But some of the passes he's had this year, you just kind of go, oh, man, that looked like a 40 year old guy. And that that's the part that's hard for me to figure out, whether it's just age, the system.


And this is a hard one to describe to people in their system. They have the ability for the receiver to read it and the quarterback to read it. And that's a little bit different in that Tom knew over time what each of his receivers, you know, if all the receivers that he had tight ends, he knew what they would do versus just look for outside leverage versus a guy inside versus the safety shaded a little bit. He's going to be a little more he's going to widen it.


All of a sudden, you find a guy. He thinks he's going to widen it bends. It is throwing the ball. And you expected him to do that. And so. Every time he throws an interception, I would argue he's almost learning the people, the system, and so I don't look at it in a way as long as they get in the playoffs. Yeah, I think they'll be fine. But he's probably not going to make the same mistake twice on the same routes and the same coverages, the same looks.


But you almost have to go through that. I don't care who you are. I mean, you just can't learn that second, third, fourth, fifth level, the short amount of time with no off season. I mean, the amount of time is done right now is still not even the same. He'd have had to do it against his defense day in and day out, make those mistakes and no one's looking. And all of a sudden you put that in your brain.


He processes the information. And look at this. He didn't make that again in week one. So he's just going through that a little bit. But he's still playing great. It's just a little bit different. I'm a big body language, facial expression guy, that's one of my things. Some people call me the body language doctor. I haven't like the body language of him in a couple of these games, and especially yesterday, because I think one of the things that made him so awesome to root for for me for 20 years was he carried himself like a movie character.


You know, it was like having Patrick Swayze walking into the double deuce, like that kind of energy. The guy in Tampa, sometimes you could see it when it's happening, especially last night. Just he has this look like I I can't solve this. I don't know what to do. And to me, it seems like he's got three really good receivers. He's got at least one good tight end. Spread him out and do Tom Brady stuff.


And I don't know why they don't do that. So why aren't they doing that? Well, what happens?


The old game of football, like if you go back a long time, like Dan Marino, spread them out, let me look at it, because quarterbacks usually like things spread out, because when you have people very close together, let's say you have a bunch formation, you have a tight end. At the point, a guy with a yard inside of will go with the old Patriots. Right. You got Edelman right here. You got Gronkowski here, and then you get the receiver.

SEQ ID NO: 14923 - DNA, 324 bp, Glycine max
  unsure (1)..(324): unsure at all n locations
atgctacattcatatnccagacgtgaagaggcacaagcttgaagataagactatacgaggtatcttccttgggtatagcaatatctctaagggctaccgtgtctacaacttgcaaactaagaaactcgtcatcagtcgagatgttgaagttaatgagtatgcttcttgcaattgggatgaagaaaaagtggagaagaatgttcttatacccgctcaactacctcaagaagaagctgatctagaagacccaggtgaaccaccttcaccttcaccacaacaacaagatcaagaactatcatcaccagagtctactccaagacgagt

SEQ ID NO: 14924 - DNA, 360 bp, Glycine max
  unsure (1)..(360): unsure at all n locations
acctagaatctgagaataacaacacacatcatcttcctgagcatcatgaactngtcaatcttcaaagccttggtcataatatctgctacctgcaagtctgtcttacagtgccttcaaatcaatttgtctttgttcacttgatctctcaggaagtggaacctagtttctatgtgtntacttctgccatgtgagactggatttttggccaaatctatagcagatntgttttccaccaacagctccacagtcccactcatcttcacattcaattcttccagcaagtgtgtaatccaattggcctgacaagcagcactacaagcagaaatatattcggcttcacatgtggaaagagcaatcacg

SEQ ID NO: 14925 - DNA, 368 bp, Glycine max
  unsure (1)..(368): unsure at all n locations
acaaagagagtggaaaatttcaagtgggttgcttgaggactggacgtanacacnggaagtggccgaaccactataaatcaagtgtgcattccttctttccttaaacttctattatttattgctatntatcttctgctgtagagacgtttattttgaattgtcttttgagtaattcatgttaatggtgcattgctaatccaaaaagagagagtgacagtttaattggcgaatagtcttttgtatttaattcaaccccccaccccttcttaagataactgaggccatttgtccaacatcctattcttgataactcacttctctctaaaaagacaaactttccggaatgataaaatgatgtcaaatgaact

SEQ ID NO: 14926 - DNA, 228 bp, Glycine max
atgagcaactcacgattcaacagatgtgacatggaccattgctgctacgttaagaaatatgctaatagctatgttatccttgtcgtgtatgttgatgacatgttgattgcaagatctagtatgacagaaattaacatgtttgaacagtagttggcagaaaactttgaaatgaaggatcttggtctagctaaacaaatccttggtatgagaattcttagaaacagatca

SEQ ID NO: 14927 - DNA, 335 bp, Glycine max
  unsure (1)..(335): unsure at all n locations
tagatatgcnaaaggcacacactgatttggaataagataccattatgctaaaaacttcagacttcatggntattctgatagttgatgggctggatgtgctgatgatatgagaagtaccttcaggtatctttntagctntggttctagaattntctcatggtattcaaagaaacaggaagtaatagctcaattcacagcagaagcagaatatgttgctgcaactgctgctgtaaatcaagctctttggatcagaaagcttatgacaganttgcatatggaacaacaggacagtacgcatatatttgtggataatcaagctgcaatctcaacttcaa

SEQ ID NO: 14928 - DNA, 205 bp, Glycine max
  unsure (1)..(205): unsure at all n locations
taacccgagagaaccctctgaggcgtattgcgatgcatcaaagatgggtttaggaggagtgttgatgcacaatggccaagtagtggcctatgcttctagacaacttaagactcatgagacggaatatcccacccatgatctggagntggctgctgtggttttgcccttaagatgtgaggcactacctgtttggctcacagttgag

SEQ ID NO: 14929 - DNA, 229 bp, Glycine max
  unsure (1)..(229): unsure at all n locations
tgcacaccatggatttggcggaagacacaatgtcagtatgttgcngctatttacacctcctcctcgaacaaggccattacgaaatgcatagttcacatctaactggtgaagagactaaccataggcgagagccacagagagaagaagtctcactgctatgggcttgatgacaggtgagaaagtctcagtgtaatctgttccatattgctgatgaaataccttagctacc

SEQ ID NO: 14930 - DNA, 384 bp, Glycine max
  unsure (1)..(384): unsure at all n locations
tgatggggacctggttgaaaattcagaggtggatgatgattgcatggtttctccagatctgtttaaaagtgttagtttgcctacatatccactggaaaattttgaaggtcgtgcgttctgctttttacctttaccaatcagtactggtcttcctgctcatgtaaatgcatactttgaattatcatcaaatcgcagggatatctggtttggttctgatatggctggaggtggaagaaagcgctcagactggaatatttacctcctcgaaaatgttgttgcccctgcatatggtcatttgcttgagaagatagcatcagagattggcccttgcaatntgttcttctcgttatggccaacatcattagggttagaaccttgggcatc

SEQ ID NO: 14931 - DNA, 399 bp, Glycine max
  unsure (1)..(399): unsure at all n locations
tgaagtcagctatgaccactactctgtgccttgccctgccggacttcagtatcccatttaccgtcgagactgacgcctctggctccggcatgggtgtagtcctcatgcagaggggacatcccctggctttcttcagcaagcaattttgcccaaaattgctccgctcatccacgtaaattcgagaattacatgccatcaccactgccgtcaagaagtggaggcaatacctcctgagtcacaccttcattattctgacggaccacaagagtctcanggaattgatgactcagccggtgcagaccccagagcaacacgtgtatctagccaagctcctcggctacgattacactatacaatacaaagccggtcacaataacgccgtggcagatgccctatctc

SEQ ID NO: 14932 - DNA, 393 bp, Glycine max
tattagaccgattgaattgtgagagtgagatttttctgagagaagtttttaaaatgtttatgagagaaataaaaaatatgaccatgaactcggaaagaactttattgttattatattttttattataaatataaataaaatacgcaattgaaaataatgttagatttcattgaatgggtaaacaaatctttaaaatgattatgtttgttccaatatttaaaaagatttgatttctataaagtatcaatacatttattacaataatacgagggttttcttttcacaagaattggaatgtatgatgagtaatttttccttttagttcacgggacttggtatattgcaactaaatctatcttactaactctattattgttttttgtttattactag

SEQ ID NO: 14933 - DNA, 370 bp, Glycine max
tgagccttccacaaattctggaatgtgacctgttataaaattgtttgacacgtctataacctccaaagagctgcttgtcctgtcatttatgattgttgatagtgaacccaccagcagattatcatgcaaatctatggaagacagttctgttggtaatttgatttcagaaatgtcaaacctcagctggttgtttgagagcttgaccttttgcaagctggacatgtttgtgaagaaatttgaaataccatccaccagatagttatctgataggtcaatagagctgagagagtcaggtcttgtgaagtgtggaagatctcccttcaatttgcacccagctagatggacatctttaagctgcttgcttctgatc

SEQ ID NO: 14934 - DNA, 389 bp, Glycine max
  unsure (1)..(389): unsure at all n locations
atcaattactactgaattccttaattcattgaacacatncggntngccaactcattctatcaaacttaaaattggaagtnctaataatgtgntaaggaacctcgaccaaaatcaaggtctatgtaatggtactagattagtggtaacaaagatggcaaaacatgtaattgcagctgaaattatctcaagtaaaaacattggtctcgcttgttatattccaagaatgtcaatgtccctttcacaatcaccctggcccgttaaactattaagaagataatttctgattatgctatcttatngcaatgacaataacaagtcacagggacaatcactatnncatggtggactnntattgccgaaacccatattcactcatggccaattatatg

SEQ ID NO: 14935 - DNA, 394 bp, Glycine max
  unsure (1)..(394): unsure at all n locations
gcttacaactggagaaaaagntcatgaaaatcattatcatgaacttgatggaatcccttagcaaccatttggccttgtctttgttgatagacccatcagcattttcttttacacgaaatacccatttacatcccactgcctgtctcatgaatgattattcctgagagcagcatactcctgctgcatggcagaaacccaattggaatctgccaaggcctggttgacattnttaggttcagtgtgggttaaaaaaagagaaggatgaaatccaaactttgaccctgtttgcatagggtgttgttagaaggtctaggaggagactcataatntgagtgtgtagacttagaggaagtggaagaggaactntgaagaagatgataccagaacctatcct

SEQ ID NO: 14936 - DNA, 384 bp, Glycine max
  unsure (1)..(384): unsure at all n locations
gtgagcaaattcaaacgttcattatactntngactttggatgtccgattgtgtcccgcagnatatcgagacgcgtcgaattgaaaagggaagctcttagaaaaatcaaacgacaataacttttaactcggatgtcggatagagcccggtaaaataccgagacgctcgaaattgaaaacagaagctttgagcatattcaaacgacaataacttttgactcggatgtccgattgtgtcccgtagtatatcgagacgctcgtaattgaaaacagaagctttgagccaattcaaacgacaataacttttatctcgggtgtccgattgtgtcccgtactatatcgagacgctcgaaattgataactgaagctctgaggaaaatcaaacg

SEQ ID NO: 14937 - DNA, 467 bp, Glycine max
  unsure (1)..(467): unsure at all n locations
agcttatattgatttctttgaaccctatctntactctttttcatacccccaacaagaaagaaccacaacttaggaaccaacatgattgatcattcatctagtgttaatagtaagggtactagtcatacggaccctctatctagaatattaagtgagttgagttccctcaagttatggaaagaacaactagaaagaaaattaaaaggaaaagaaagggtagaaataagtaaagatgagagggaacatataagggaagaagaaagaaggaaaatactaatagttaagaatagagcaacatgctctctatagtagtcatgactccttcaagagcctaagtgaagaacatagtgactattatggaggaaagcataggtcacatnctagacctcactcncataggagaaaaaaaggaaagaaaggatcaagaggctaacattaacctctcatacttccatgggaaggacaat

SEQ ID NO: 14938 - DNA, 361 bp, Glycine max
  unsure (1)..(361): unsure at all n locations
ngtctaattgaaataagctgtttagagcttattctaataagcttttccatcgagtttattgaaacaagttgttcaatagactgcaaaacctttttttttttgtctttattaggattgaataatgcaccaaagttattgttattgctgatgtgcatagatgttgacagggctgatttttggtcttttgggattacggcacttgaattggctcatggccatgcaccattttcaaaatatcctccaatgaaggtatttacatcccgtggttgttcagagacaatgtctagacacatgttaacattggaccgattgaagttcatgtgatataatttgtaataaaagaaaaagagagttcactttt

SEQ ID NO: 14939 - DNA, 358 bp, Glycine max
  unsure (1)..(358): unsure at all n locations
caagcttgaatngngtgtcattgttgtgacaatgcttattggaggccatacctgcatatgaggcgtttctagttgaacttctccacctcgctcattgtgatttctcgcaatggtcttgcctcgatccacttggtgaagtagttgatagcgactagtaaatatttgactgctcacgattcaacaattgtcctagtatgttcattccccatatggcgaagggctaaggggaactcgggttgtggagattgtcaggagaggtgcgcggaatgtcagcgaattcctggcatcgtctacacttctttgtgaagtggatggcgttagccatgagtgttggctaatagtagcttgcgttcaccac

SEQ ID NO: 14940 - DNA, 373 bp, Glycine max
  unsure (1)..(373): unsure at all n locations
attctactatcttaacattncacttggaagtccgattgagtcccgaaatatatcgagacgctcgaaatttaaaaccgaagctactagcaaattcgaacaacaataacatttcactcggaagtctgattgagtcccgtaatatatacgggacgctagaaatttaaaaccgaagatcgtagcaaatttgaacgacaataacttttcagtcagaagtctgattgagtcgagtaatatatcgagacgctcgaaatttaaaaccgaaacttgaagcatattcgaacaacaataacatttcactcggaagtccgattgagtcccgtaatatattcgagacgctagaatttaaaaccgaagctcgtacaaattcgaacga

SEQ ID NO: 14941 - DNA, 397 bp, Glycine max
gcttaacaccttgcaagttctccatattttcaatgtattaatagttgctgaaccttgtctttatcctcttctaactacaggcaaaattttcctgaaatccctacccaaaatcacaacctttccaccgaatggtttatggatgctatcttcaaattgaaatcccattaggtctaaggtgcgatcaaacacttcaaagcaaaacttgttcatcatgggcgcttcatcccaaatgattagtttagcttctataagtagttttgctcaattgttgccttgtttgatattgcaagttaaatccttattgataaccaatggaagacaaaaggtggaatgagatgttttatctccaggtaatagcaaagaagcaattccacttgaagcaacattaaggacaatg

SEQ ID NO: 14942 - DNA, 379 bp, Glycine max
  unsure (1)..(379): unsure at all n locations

Right. He's on the right side of Brady, just off the line of scrimmage. And then you've got another receiver over here. Well, that makes the defense all get closer to you, as well as the game in the NFL from a quarterback's perspective, is about pressure and not about the four guys up front. It's about who can break down the protection. You got five offensive linemen. There's four D linemen. Let's say one guy gets to block an extra extra.


Brady sends the order online. He says center go block Mike. Fifty two. That's who you got. So who else is left? You got a running back. So when you tell the center of his block and he's got that guy. But if you bring a safety and a nickel corner down over here over that little bunch, all of a sudden you're like, those guys can break the protection down. So most quarterbacks spread it out. If they want to blitz, they've got to come out of the middle of the field or on the side over your ten yards off.


These guys start to show me or that guy who's out there on the slot receiver, he's got to start coming in. I can change the protection center, go get him tailback. I'll get him. Now, in New England, they were incredible because they could do all these tight bunch looks. Most should get sack releases because they did so much stuff quickly. Got the ball out of the stands, was so much unique stuff that it allowed the quarterback to be that if you're blitzing, we have an answer right away.


Now, in his system, it's a little more hot. If you just throw hot, you get three yards, four yards. Well, that's kind of a quarterback struggle. Sometimes it's like, well, certainly, yeah. Do you want to throw for four? And to me, it's just learning the system and what really over time is the right way to do it in the system. And so like any quarterback, the frustration will come in when you're like there might be a better way, but then you got to also go teach it to a lot of people.


And that's very difficult because not everyone has his background of what he had before. The coaches there didn't. So they can't they can't just put stuff in left and right without knowing all the little intricate rules for every single player on the field.


So you're buying long term on the books. You feel like three months from now. This is this are two months from now, I guess. So mid-January, you feel confident that they won't look sloppy like this?


I think it's easier to double team people with space. The league used to be like that. Like I said, quarterbacks just like that. The league has gone to motion. You have the defense running. They don't really want to pressure you if all of a sudden you're going to change very quickly. I think the Bucs could motion a lot more, make the defense have to communicate. And, you know, in a way to talk about it would be like if Jabbar was in the paint for the Lakers.